Joe Belcher

Joe Belcher is the incumbent Republican running for District 3 Buncombe County Board of Commissioners.

Joe Belcher (I), Republican

Place of residence: Candler

Occupation: Retired

Political experience: Current Buncombe County commissioner, District 3

Endorsements: Asheville Citizen-Times

Amount of money raised: On record

Top three donors and amount contributed: On record


Why are you running?
I have enjoyed serving Buncombe County and am humbled by the support I have received. My work is not done. I want to continue protecting the mountain culture that has made this county a great place to live. I love the mountains and the beauty that surrounds us, and I intend to protect and preserve this way of life while “Building a Better Buncombe” for our children and grandchildren.

What is Buncombe County’s best path toward creating more jobs outside of the service and tourist industries? And how do you plan on making it happen?
I supported the construction of our new STEM high school (science, technology, engineering, math) as one step in preparing our young students for jobs in advanced manufacturing and other fields. I believe in CTE (career and technical education) courses to provide direction for middle and high school students also. I was one of the original organizers and supporter of the RAMP initiative (raising awareness of manufacturing possibilities) that promotes cooperation between local skilled labor companies and Buncombe County Schools as well as A-B Tech.

Are you in favor of using economic development incentives? If so, what kind? If not, why?
I would rather not have to participate in this process; however, we must do so to compete. Because of our location, we not only compete with other counties, but also other states. We have employers that could locate in South Carolina or Tennessee just as easy as another county. I believe our greatest asset is our people, and that is what brings jobs to our area, not incentives. Any incentives I support generate more in taxes than the incentive.

North Carolina law states footage from the Sheriff’s Department body cameras is not part of the public record. Do you agree or disagree with this decision? Why or why not?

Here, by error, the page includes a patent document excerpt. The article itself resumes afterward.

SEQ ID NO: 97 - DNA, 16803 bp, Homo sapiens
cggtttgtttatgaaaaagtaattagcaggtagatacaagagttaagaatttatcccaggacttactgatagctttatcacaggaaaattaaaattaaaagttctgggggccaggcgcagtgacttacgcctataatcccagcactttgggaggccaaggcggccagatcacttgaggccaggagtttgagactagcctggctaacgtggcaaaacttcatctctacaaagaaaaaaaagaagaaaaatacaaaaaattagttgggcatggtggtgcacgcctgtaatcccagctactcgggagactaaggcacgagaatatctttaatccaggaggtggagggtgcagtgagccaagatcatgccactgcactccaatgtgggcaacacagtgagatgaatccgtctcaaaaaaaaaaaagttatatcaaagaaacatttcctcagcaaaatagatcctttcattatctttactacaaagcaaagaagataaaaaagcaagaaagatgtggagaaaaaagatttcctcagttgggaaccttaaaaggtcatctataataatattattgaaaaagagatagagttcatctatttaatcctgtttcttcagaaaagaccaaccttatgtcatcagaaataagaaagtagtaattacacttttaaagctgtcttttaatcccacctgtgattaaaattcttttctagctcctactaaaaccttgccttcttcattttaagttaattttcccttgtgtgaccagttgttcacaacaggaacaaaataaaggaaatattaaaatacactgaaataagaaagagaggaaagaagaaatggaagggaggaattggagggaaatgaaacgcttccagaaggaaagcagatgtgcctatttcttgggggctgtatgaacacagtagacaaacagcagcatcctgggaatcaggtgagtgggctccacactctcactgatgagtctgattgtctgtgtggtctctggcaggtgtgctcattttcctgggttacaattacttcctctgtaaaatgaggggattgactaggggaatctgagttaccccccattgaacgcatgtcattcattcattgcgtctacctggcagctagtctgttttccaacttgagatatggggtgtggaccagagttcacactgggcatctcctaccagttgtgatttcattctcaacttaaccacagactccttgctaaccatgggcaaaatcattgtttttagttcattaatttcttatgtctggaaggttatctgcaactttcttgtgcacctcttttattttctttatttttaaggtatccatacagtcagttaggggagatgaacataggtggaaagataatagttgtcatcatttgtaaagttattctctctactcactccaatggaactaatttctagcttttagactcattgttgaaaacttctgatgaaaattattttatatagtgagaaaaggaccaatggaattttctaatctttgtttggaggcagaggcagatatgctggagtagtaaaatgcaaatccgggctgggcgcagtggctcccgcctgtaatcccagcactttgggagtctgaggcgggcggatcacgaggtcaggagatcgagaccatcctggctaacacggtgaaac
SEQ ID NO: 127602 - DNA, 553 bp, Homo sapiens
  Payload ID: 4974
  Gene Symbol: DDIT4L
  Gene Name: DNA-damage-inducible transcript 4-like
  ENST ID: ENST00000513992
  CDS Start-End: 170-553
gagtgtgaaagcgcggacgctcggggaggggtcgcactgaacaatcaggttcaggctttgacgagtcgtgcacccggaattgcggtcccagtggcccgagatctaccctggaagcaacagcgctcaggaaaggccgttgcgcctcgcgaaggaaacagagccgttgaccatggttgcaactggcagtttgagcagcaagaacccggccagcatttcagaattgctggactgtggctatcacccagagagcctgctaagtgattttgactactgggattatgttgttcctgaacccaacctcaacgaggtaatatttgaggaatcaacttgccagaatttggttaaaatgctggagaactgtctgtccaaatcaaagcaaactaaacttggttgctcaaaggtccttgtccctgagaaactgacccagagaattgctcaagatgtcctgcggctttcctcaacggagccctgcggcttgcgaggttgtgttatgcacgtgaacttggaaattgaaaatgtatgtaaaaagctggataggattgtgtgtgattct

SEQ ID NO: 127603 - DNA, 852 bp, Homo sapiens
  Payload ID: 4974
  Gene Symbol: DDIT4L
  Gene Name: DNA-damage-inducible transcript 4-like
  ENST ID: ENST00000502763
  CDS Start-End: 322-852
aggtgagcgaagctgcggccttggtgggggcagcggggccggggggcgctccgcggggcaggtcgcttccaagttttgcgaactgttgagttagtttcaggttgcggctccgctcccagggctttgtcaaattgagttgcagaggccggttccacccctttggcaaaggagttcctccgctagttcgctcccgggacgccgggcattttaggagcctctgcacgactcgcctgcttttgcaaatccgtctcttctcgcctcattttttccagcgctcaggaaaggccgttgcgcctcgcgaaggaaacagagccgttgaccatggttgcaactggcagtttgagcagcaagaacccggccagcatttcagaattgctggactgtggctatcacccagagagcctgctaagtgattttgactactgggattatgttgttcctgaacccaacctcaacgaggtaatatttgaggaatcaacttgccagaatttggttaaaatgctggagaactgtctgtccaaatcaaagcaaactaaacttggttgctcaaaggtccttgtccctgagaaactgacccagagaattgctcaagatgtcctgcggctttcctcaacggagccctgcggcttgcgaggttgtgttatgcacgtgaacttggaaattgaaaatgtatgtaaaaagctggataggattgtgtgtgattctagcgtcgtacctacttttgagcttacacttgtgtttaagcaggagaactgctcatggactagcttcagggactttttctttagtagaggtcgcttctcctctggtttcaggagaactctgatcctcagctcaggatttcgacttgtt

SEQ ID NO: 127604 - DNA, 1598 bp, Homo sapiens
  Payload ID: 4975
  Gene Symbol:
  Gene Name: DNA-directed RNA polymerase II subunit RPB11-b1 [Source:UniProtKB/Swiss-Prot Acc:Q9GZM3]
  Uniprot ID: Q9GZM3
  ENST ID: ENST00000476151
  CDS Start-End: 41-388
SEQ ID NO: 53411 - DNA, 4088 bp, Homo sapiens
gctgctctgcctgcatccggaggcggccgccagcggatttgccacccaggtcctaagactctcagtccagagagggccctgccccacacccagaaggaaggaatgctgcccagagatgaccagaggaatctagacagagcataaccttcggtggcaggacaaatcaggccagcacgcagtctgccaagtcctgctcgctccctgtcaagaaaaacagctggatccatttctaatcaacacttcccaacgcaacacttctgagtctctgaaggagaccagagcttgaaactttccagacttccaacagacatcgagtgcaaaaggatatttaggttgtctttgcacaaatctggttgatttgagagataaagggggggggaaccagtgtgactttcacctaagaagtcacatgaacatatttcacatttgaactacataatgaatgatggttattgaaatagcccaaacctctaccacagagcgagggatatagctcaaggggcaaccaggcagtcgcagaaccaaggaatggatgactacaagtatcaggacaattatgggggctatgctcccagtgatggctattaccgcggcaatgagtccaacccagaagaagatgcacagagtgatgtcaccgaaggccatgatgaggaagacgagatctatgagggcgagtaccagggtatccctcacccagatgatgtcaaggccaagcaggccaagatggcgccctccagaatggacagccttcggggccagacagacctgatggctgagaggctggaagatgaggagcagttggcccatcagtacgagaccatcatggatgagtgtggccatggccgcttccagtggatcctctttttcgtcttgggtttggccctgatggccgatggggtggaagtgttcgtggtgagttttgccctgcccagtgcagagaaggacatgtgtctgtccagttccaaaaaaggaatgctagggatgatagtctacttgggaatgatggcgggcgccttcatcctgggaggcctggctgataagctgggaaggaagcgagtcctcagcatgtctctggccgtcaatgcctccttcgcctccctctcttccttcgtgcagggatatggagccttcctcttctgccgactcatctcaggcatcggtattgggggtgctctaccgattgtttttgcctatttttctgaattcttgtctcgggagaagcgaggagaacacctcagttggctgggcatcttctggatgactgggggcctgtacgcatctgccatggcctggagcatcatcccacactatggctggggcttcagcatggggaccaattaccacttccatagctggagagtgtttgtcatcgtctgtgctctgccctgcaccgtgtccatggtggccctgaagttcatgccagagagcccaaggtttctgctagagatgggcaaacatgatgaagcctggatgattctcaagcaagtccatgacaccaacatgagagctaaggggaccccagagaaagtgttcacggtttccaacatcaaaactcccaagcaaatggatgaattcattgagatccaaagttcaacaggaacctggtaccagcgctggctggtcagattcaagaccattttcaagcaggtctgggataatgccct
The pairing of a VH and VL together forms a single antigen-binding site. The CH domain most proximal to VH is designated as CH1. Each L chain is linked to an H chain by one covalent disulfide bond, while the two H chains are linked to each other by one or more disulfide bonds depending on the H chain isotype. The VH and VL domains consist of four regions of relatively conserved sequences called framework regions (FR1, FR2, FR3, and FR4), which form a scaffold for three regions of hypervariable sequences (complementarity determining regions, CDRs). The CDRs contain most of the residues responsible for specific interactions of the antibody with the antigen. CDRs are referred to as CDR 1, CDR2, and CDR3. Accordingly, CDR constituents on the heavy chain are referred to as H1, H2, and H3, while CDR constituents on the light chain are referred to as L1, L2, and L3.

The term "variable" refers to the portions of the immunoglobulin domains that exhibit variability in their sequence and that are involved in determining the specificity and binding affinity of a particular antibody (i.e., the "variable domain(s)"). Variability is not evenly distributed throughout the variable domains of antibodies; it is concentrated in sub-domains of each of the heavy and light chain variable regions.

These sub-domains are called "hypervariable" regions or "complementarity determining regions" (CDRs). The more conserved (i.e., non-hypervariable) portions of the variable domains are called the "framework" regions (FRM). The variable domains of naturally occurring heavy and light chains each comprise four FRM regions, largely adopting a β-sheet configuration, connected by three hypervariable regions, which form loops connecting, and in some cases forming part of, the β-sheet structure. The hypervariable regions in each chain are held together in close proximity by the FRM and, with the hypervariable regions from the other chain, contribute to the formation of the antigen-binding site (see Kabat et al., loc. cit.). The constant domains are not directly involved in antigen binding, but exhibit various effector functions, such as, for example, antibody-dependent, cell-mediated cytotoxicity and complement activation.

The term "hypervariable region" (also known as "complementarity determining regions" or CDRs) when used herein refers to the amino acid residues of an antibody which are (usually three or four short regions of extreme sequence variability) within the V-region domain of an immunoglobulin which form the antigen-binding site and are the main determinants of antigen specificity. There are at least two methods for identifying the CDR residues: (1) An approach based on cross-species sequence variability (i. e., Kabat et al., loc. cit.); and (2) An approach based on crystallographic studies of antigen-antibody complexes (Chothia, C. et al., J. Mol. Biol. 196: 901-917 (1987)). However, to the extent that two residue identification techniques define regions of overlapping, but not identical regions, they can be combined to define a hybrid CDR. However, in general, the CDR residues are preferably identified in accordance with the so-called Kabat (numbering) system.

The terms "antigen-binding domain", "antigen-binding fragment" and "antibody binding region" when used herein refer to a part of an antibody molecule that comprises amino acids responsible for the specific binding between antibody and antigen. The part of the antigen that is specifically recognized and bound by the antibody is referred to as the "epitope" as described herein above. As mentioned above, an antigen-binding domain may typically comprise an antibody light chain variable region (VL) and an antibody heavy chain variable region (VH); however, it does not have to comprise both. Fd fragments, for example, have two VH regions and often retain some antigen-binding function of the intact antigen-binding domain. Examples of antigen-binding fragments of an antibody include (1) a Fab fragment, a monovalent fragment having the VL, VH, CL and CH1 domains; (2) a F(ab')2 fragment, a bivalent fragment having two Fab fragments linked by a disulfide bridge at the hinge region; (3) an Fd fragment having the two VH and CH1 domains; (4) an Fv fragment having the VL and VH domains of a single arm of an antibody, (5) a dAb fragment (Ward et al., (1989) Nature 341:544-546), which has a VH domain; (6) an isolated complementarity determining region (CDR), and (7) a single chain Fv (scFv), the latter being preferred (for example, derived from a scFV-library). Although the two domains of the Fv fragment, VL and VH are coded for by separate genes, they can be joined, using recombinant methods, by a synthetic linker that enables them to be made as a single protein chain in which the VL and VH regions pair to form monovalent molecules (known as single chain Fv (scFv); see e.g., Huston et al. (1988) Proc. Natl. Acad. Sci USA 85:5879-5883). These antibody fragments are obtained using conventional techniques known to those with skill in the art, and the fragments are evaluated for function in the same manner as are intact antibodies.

This is an issue that our Sheriff Van Duncan would make a recommendation to the commission. I would support his recommendation.

As infrastructure needs grow, would you consider using bonds to fund projects? Why or why not? And, if so, what type of bond would you pursue?
Most bonds are used for infrastructure needs; for example, school construction. In Buncombe County, we fund these capital requests through part of our sales tax and meet the need without putting a burden on property tax. I do not see the need for bonds to meet county funding.

Does HB2 highlight the state overstepping its bounds in regard to legislating municipalities? Why or why not?
HB2 was in response to the Charlotte ordinance. I have said before that I would not support a Charlotte-style ordinance. As a gentleman, I believe it could be harmful to women and children.

As development continues to boom, how can the county help ensure affordable housing for its residents?
We must be an advocate for affordable housing in all its forms. Most conversations that occur about affordable housing involve only affordable rentals, and we must create a path to equity in Buncombe County by helping make homeownership affordable. This can be achieved by looking at all forms of housing, including smaller square-footage stick-built construction, factory-built, tiny homes, manufactured and modular construction. Also, we must look carefully at the cost of regulation for our builders. The cost of permitting in city and county locations is excessive.

Are the current zoning policies adequate to deal with the pressures of increased development in the county?
I believe that we need to protect our beautiful mountains with common-sense requirements.